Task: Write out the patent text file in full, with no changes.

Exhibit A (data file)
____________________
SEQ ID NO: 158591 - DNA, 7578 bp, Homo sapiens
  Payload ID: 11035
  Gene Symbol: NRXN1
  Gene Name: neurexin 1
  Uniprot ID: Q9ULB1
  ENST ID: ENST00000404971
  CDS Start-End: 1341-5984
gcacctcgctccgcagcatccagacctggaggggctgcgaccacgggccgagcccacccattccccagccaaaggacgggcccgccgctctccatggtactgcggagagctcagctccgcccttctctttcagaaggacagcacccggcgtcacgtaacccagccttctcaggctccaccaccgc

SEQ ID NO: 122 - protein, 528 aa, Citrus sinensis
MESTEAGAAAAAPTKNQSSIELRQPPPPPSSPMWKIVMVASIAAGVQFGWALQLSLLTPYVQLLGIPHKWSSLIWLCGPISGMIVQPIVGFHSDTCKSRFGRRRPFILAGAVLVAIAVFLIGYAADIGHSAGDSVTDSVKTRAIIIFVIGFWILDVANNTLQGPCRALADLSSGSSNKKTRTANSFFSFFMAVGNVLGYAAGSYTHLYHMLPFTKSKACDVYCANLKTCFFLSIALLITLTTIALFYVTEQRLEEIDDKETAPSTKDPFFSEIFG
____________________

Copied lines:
SEQ ID NO: 158591 - DNA, 7578 bp, Homo sapiens
  Payload ID: 11035
  Gene Symbol: NRXN1
  Gene Name: neurexin 1
  Uniprot ID: Q9ULB1
  ENST ID: ENST00000404971
  CDS Start-End: 1341-5984
gcacctcgctccgcagcatccagacctggaggggctgcgaccacgggccgagcccacccattccccagccaaaggacgggcccgccgctctccatggtactgcggagagctcagctccgcccttctctttcagaaggacagcacccggcgtcacgtaacccagccttctcaggctccaccaccgc

SEQ ID NO: 122 - protein, 528 aa, Citrus sinensis
MESTEAGAAAAAPTKNQSSIELRQPPPPPSSPMWKIVMVASIAAGVQFGWALQLSLLTPYVQLLGIPHKWSSLIWLCGPISGMIVQPIVGFHSDTCKSRFGRRRPFILAGAVLVAIAVFLIGYAADIGHSAGDSVTDSVKTRAIIIFVIGFWILDVANNTLQGPCRALADLSSGSSNKKTRTANSFFSFFMAVGNVLGYAAGSYTHLYHMLPFTKSKACDVYCANLKTCFFLSIALLITLTTIALFYVTEQRLEEIDDKETAPSTKDPFFSEIFG